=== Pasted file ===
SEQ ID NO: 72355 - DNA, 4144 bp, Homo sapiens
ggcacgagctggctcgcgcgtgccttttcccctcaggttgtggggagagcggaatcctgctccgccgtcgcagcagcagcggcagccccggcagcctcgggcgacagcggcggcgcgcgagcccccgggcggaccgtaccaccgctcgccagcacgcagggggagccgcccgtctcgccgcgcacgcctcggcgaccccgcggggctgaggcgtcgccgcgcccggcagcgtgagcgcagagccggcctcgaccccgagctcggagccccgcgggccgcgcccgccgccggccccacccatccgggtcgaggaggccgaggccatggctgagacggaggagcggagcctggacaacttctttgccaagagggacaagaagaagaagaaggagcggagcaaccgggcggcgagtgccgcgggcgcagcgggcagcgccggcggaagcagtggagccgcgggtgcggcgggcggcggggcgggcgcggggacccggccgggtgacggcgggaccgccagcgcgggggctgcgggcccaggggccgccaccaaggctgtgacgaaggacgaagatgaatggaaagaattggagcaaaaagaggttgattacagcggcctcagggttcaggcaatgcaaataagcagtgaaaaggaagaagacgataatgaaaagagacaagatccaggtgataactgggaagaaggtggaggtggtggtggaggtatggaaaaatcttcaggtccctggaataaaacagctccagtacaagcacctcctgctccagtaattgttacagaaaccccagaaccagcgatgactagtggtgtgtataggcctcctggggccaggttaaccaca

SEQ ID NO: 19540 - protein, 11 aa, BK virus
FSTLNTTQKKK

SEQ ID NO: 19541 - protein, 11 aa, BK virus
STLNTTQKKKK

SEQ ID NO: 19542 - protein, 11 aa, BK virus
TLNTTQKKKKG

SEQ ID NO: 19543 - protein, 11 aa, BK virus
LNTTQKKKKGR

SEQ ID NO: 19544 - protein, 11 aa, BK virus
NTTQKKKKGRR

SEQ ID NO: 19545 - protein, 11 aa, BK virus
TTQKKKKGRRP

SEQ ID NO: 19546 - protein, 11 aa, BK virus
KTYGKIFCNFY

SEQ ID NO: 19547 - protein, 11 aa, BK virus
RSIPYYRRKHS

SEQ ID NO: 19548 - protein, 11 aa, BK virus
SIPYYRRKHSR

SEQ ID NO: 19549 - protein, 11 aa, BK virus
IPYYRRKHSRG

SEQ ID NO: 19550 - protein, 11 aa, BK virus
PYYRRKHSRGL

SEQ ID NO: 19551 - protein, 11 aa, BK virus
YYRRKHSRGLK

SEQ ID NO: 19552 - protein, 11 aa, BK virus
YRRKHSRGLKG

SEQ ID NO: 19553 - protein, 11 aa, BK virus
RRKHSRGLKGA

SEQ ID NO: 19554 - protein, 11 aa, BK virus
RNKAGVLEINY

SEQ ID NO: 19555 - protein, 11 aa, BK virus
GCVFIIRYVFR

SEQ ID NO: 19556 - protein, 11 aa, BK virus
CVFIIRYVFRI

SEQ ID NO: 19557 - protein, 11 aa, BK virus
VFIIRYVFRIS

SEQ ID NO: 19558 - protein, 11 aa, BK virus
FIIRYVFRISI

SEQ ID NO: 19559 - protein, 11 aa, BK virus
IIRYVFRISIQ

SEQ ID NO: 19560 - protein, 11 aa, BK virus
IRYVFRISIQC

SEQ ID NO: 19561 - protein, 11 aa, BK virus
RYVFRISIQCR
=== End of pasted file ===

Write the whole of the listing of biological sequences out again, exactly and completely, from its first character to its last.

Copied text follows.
SEQ ID NO: 72355 - DNA, 4144 bp, Homo sapiens
ggcacgagctggctcgcgcgtgccttttcccctcaggttgtggggagagcggaatcctgctccgccgtcgcagcagcagcggcagccccggcagcctcgggcgacagcggcggcgcgcgagcccccgggcggaccgtaccaccgctcgccagcacgcagggggagccgcccgtctcgccgcgcacgcctcggcgaccccgcggggctgaggcgtcgccgcgcccggcagcgtgagcgcagagccggcctcgaccccgagctcggagccccgcgggccgcgcccgccgccggccccacccatccgggtcgaggaggccgaggccatggctgagacggaggagcggagcctggacaacttctttgccaagagggacaagaagaagaagaaggagcggagcaaccgggcggcgagtgccgcgggcgcagcgggcagcgccggcggaagcagtggagccgcgggtgcggcgggcggcggggcgggcgcggggacccggccgggtgacggcgggaccgccagcgcgggggctgcgggcccaggggccgccaccaaggctgtgacgaaggacgaagatgaatggaaagaattggagcaaaaagaggttgattacagcggcctcagggttcaggcaatgcaaataagcagtgaaaaggaagaagacgataatgaaaagagacaagatccaggtgataactgggaagaaggtggaggtggtggtggaggtatggaaaaatcttcaggtccctggaataaaacagctccagtacaagcacctcctgctccagtaattgttacagaaaccccagaaccagcgatgactagtggtgtgtataggcctcctggggccaggttaaccaca

SEQ ID NO: 19540 - protein, 11 aa, BK virus
FSTLNTTQKKK

SEQ ID NO: 19541 - protein, 11 aa, BK virus
STLNTTQKKKK

SEQ ID NO: 19542 - protein, 11 aa, BK virus
TLNTTQKKKKG

SEQ ID NO: 19543 - protein, 11 aa, BK virus
LNTTQKKKKGR

SEQ ID NO: 19544 - protein, 11 aa, BK virus
NTTQKKKKGRR

SEQ ID NO: 19545 - protein, 11 aa, BK virus
TTQKKKKGRRP

SEQ ID NO: 19546 - protein, 11 aa, BK virus
KTYGKIFCNFY

SEQ ID NO: 19547 - protein, 11 aa, BK virus
RSIPYYRRKHS

SEQ ID NO: 19548 - protein, 11 aa, BK virus
SIPYYRRKHSR

SEQ ID NO: 19549 - protein, 11 aa, BK virus
IPYYRRKHSRG

SEQ ID NO: 19550 - protein, 11 aa, BK virus
PYYRRKHSRGL

SEQ ID NO: 19551 - protein, 11 aa, BK virus
YYRRKHSRGLK

SEQ ID NO: 19552 - protein, 11 aa, BK virus
YRRKHSRGLKG

SEQ ID NO: 19553 - protein, 11 aa, BK virus
RRKHSRGLKGA

SEQ ID NO: 19554 - protein, 11 aa, BK virus
RNKAGVLEINY

SEQ ID NO: 19555 - protein, 11 aa, BK virus
GCVFIIRYVFR

SEQ ID NO: 19556 - protein, 11 aa, BK virus
CVFIIRYVFRI

SEQ ID NO: 19557 - protein, 11 aa, BK virus
VFIIRYVFRIS

SEQ ID NO: 19558 - protein, 11 aa, BK virus
FIIRYVFRISI

SEQ ID NO: 19559 - protein, 11 aa, BK virus
IIRYVFRISIQ

SEQ ID NO: 19560 - protein, 11 aa, BK virus
IRYVFRISIQC

SEQ ID NO: 19561 - protein, 11 aa, BK virus
RYVFRISIQCR